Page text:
Sensitive people may cry or become emotional a lot. “Sensitive people can’t help but express what they’re feeling,” Aron told the Huffington Post. “They show their anger, they show their happiness. Appreciating that is really important.”

4. A gentle, healthy way of managing conflict
No matter who you are, fighting with a loved one is miserable. But sensitive people tend to feel extra anxious when conflict arises — and an internal battle takes place. We feel torn between speaking up for what we believe is right and sitting back so we don’t provoke an angry reaction from the other person. Often we subjugate our own needs because we’d rather “go along to get along” than fight.
On the other hand, sensitive people can make great conflict resolvers, because we tend to see the other person’s perspective. We have high levels of empathy and can easily put ourselves in someone else’s shoes.

5. Time to get things done
Sensitive people like a slower pace of life. We like pondering all our options before making a decision and regularly reflecting on our experiences. We hate busy schedules and rushing from one event to the next.

One of the hardest parts of my day during the work week is getting moving in the morning and leaving my home on time. Saturday mornings, when I don’t have to work, are for going at my own pace. It’s calming and restorative to know I don’t have to be dressed and ready to go anywhere anytime soon.

6. Plenty of sleep
Lack of sleep (less than 7 hours a night, for most people) makes the average person irritable and less productive, but lack of sleep for the sensitive person can make life almost unbearable. Getting enough sleep soothes my ramped-up senses and helps me process my thoughts and emotions. How much sleep I get can literally make or break my next day. Without proper sleep, every little stressor seems ten times worse. HSP’s can have a difficult time getting to sleep as we tend to ruminate about our day. Here’s how you can get Heavenly Sleep.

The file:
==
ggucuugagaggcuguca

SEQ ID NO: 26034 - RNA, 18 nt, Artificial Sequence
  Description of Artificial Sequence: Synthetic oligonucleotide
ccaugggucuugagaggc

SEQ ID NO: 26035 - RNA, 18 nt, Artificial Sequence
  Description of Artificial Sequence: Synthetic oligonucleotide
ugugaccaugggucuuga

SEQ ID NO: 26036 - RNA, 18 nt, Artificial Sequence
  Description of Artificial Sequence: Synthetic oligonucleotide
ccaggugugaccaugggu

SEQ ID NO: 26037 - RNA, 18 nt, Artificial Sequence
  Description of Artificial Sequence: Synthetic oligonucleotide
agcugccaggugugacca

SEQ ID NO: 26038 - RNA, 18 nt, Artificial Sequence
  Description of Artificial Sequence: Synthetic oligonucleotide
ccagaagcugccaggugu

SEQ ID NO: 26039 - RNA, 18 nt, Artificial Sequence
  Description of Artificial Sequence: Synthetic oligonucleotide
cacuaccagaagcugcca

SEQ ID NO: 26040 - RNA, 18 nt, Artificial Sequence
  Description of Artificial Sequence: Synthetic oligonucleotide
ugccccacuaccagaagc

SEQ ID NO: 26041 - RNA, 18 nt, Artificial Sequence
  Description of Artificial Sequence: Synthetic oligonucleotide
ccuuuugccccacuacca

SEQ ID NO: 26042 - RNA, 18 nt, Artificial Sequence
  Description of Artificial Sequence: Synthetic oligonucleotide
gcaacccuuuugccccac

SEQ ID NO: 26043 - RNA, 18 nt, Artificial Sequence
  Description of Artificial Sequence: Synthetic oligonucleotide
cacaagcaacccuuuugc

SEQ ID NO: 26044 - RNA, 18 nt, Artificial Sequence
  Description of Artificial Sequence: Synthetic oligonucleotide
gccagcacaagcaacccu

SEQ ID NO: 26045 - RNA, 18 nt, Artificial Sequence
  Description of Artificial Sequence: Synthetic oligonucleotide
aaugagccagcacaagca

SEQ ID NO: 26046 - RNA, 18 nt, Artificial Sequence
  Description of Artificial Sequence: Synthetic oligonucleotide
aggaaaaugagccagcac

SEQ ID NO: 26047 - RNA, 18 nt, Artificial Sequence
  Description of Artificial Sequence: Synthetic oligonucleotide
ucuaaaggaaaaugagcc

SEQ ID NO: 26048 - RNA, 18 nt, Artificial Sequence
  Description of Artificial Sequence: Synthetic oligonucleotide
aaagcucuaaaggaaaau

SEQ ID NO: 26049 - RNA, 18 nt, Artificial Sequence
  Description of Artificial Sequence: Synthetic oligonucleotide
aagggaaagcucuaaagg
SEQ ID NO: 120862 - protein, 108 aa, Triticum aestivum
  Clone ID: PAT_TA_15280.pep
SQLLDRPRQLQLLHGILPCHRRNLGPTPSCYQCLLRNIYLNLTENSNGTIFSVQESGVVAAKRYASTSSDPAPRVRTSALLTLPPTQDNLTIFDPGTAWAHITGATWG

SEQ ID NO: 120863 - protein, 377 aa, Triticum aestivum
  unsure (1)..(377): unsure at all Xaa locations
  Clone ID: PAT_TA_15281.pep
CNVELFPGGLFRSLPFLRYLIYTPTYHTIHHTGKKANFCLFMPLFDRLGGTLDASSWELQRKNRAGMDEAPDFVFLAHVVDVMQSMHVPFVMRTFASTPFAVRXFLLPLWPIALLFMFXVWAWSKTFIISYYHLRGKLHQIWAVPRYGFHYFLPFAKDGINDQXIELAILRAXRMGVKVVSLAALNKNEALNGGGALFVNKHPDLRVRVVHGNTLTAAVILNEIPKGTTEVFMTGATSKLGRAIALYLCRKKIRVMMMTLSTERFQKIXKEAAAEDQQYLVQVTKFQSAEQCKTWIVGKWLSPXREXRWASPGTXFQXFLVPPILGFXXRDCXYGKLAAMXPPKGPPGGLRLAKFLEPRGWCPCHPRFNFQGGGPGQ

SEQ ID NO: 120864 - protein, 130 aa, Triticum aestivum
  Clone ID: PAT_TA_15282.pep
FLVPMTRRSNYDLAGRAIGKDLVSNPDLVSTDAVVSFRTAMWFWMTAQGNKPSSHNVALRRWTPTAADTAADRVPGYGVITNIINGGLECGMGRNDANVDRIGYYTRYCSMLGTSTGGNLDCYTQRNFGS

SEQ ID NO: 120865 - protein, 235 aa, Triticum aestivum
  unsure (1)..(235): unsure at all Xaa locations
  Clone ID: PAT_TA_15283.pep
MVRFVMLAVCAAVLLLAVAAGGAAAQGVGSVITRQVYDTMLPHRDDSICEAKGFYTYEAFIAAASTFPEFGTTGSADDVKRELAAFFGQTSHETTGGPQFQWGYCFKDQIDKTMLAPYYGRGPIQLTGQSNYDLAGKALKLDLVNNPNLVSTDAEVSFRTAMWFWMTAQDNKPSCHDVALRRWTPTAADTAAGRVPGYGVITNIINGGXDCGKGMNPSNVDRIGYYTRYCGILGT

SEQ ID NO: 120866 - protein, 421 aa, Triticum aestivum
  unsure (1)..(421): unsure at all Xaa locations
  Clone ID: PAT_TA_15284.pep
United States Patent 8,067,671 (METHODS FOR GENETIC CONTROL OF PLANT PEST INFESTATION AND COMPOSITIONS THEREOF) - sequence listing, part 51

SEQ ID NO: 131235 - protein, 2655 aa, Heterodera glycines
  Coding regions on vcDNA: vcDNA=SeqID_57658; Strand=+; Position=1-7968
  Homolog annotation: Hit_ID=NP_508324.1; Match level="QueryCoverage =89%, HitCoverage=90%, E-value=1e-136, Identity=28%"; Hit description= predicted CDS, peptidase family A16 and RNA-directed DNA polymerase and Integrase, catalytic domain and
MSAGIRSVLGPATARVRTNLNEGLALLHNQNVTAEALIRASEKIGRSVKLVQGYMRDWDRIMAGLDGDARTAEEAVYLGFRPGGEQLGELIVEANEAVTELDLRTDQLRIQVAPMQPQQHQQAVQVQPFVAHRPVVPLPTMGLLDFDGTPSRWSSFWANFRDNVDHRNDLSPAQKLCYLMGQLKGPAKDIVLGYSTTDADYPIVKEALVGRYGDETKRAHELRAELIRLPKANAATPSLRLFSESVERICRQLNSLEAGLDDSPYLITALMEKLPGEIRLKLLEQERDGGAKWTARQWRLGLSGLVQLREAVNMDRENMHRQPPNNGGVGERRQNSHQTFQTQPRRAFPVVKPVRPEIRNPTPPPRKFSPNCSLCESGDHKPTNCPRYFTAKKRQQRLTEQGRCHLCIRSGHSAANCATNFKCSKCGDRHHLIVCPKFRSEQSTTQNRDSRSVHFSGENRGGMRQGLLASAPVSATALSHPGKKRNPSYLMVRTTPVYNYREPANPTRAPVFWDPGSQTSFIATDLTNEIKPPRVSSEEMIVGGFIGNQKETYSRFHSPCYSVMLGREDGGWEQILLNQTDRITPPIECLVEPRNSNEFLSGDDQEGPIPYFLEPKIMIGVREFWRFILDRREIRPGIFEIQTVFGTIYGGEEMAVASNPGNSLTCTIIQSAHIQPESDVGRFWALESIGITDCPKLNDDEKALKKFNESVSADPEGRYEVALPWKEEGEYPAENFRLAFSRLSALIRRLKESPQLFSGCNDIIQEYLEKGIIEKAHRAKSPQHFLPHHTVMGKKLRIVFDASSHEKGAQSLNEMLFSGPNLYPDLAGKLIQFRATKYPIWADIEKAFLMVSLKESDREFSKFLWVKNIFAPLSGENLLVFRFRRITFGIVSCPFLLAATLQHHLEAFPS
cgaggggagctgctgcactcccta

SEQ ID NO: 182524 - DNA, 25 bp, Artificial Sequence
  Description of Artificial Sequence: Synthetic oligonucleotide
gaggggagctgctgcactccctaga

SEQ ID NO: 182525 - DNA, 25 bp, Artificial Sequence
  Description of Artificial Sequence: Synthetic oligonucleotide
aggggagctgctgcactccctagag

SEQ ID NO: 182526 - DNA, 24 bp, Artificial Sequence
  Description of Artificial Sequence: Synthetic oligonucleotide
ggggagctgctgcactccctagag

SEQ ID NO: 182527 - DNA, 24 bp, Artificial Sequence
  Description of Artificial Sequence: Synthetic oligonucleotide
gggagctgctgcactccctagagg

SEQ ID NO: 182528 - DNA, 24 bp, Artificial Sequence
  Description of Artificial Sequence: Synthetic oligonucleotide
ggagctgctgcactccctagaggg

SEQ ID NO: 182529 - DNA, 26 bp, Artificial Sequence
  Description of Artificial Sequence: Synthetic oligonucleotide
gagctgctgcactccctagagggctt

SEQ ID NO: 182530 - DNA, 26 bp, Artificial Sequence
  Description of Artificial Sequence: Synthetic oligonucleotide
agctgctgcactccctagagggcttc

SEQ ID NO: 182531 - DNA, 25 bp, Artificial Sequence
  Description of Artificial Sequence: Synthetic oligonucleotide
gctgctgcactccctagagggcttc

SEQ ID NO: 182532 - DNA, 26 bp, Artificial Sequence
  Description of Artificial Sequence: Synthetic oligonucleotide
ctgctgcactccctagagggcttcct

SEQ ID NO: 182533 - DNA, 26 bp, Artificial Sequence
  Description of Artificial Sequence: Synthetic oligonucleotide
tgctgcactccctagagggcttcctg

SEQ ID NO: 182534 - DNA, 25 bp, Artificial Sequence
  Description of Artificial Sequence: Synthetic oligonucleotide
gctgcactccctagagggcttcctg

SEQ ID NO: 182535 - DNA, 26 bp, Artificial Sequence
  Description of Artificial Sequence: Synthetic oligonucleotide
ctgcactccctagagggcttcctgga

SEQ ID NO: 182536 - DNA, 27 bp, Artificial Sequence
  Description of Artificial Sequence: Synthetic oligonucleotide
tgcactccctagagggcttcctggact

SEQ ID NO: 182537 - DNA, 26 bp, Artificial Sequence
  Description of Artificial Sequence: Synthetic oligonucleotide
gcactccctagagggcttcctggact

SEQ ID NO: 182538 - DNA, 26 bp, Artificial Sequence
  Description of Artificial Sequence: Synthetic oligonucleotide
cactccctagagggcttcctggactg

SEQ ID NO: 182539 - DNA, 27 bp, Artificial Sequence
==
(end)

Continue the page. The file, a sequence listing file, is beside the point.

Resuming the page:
7. Healthy meals spaced regularly throughout the day
When I don’t eat regularly, I get extremely hungry. This is because, according to Aron, extreme hunger can mess up a sensitive person’s mood or concentration. To fend off feelings of crankiness and discombobulation, maintain a steady blood sugar level throughout the day by eating regular healthy meals and snacks.

8. Caffeine-free options
Sensitive people (surprise, surprise) are sensitive to caffeine. I drink one cup of coffee in the morning to get me going, but I don’t have any caffeine past noon. Even a mug of green tea later in the day would leave me tossing and turning at night. Plus, having too much caffeine leaves me feeling jittery and wound up in an uncomfortable way.